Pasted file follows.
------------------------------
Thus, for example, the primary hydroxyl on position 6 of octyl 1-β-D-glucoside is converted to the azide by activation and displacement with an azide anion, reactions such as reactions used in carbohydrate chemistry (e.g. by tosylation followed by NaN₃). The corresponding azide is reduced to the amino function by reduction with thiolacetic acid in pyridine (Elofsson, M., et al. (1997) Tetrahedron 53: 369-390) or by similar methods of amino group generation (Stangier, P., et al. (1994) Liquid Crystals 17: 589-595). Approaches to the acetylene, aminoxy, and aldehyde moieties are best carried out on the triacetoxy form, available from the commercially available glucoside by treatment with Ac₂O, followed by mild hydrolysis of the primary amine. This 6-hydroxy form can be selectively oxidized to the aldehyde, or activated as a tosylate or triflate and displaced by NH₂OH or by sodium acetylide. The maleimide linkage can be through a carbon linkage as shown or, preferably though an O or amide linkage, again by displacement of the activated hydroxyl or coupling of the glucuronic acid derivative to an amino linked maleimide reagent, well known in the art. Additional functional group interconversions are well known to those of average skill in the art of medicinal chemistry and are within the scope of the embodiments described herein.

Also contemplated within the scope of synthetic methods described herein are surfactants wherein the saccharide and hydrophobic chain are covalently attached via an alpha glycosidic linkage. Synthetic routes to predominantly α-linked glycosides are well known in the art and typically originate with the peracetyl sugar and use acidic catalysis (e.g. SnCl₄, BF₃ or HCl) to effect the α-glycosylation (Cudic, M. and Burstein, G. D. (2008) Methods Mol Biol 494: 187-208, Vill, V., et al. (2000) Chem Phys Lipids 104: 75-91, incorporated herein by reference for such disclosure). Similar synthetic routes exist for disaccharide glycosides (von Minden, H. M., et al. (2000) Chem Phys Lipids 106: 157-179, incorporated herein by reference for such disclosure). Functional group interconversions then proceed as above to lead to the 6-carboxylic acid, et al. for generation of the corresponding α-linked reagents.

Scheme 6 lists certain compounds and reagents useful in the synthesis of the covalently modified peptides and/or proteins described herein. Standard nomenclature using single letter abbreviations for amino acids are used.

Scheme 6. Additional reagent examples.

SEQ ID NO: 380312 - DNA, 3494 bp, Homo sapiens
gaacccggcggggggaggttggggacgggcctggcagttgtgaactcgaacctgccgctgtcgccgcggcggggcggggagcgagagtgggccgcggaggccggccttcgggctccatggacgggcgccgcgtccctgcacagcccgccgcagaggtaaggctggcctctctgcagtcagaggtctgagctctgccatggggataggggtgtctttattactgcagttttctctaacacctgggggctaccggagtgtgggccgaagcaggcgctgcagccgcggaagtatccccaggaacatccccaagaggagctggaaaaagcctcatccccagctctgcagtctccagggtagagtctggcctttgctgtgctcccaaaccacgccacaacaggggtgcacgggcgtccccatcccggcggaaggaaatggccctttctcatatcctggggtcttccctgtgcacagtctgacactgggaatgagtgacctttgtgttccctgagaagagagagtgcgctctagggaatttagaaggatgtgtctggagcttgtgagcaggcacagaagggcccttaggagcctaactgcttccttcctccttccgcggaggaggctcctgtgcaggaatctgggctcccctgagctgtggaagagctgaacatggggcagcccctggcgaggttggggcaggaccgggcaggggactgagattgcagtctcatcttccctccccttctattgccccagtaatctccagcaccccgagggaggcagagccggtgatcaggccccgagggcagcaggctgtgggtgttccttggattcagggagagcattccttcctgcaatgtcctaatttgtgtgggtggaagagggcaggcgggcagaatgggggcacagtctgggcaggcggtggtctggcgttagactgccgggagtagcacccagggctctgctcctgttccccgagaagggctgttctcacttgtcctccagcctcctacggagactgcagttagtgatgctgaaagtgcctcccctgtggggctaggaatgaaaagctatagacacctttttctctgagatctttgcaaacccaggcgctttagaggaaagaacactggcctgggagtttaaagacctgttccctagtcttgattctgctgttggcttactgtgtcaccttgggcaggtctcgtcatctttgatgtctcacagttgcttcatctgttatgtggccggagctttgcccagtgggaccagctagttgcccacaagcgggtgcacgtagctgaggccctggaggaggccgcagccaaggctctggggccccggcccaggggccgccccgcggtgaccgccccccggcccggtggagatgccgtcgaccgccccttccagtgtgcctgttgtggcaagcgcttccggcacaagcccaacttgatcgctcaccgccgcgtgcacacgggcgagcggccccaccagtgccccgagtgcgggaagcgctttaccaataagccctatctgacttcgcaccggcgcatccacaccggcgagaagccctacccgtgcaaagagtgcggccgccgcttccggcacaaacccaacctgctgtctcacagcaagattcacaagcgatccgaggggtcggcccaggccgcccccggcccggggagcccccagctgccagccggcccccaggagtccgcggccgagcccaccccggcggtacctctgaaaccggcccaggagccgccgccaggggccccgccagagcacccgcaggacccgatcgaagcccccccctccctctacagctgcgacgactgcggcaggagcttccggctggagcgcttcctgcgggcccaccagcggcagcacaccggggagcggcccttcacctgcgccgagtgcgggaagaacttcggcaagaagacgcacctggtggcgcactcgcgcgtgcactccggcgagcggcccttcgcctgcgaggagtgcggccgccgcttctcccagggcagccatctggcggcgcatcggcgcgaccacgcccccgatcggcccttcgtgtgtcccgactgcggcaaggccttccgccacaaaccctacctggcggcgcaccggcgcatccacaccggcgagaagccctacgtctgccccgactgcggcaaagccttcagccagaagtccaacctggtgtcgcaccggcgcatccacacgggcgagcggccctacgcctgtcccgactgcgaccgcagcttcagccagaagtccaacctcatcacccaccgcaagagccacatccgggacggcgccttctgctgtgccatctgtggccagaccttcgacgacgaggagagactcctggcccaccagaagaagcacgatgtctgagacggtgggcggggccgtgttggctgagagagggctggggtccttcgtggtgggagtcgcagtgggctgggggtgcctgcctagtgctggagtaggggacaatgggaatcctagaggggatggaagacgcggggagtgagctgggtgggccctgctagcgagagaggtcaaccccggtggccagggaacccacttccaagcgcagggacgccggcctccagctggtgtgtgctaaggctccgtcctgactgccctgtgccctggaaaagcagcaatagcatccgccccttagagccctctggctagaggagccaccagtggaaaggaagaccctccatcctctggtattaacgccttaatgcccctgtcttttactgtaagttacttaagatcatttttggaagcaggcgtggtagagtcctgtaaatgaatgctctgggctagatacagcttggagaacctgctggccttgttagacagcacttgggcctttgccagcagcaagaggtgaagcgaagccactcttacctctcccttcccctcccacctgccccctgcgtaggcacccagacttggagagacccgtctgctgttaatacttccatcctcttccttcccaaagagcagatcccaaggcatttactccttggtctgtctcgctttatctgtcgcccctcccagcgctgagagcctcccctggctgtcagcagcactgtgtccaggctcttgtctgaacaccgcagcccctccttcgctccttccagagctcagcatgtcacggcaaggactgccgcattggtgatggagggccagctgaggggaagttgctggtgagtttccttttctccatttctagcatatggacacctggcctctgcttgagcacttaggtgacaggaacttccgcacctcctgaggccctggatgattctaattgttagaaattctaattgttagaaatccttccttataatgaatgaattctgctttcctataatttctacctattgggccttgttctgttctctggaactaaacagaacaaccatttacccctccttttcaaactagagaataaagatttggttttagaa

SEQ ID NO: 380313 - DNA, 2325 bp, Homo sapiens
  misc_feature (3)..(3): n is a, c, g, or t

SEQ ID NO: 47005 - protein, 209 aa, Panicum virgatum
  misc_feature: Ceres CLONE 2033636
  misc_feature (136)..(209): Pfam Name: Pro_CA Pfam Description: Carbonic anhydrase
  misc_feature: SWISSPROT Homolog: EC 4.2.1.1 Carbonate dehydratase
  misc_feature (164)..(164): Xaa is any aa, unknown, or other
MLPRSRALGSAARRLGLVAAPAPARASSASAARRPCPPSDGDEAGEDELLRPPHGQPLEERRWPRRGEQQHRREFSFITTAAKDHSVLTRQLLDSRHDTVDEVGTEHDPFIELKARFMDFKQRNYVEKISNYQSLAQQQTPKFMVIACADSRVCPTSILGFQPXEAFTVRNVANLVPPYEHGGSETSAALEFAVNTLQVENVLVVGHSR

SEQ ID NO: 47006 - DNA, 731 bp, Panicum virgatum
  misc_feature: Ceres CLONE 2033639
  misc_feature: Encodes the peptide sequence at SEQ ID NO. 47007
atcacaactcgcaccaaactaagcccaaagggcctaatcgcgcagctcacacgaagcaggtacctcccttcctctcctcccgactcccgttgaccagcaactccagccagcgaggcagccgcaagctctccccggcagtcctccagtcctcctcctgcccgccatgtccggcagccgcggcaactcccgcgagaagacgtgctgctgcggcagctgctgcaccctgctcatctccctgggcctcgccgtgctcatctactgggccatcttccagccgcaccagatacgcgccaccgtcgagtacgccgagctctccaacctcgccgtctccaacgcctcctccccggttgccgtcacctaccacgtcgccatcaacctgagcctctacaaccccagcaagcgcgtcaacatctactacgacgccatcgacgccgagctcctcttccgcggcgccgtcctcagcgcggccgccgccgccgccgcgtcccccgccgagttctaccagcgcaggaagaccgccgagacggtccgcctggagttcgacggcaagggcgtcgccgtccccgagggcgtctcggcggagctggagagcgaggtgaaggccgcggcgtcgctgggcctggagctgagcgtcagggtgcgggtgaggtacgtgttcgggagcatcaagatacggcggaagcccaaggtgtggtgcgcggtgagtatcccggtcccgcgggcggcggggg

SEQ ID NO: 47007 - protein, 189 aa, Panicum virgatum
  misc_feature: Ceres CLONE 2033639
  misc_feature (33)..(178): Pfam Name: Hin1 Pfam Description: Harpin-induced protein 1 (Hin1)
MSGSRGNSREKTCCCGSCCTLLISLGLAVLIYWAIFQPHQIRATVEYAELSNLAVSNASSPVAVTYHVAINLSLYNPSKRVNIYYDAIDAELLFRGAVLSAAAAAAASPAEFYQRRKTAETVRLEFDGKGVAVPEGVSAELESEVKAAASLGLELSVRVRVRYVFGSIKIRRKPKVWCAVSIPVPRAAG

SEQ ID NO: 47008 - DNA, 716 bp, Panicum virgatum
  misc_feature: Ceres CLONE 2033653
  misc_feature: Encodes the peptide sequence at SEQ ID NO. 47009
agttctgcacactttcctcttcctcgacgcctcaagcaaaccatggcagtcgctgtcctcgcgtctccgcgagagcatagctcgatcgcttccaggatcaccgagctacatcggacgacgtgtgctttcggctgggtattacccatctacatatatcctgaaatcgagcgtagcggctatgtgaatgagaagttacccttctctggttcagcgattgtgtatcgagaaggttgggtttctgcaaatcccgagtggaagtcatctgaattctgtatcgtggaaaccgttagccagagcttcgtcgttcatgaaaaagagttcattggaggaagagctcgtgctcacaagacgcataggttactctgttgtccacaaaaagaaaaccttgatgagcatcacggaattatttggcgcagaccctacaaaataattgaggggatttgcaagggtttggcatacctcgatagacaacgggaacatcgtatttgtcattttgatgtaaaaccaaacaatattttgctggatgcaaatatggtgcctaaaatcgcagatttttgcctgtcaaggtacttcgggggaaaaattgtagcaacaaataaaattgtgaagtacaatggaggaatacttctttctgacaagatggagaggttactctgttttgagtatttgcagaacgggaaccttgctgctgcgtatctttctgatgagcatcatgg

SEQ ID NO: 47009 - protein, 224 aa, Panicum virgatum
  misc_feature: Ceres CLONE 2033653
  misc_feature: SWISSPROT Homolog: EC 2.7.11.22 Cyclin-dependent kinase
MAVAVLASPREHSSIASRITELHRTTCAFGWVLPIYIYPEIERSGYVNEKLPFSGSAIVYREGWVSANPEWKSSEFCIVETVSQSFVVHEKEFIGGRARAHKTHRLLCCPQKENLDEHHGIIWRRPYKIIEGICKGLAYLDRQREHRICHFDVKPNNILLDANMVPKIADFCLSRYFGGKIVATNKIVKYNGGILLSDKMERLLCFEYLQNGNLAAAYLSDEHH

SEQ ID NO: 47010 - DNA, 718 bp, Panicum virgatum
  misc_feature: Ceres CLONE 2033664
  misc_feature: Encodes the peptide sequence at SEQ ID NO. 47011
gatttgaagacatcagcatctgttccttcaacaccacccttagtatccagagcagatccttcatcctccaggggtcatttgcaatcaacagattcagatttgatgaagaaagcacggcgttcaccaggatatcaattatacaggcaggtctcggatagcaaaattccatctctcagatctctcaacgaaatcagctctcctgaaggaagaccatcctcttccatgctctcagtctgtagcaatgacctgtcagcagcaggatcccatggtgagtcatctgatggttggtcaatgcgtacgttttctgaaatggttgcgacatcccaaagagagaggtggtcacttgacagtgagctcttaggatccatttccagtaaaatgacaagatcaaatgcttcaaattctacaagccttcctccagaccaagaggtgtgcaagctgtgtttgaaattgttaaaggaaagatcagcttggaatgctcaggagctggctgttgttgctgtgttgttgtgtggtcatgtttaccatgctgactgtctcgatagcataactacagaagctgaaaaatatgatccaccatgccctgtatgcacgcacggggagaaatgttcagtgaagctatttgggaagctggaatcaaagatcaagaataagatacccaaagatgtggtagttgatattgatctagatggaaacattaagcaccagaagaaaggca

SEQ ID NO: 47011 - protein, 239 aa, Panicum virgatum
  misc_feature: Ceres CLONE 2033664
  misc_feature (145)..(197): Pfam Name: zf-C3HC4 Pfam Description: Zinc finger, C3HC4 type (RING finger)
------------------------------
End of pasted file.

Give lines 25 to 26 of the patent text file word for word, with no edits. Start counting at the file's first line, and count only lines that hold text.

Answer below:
  misc_feature: Encodes the peptide sequence at SEQ ID NO. 47009
agttctgcacactttcctcttcctcgacgcctcaagcaaaccatggcagtcgctgtcctcgcgtctccgcgagagcatagctcgatcgcttccaggatcaccgagctacatcggacgacgtgtgctttcggctgggtattacccatctacatatatcctgaaatcgagcgtagcggctatgtgaatgagaagttacccttctctggttcagcgattgtgtatcgagaaggttgggtttctgcaaatcccgagtggaagtcatctgaattctgtatcgtggaaaccgttagccagagcttcgtcgttcatgaaaaagagttcattggaggaagagctcgtgctcacaagacgcataggttactctgttgtccacaaaaagaaaaccttgatgagcatcacggaattatttggcgcagaccctacaaaataattgaggggatttgcaagggtttggcatacctcgatagacaacgggaacatcgtatttgtcattttgatgtaaaaccaaacaatattttgctggatgcaaatatggtgcctaaaatcgcagatttttgcctgtcaaggtacttcgggggaaaaattgtagcaacaaataaaattgtgaagtacaatggaggaatacttctttctgacaagatggagaggttactctgttttgagtatttgcagaacgggaaccttgctgctgcgtatctttctgatgagcatcatgg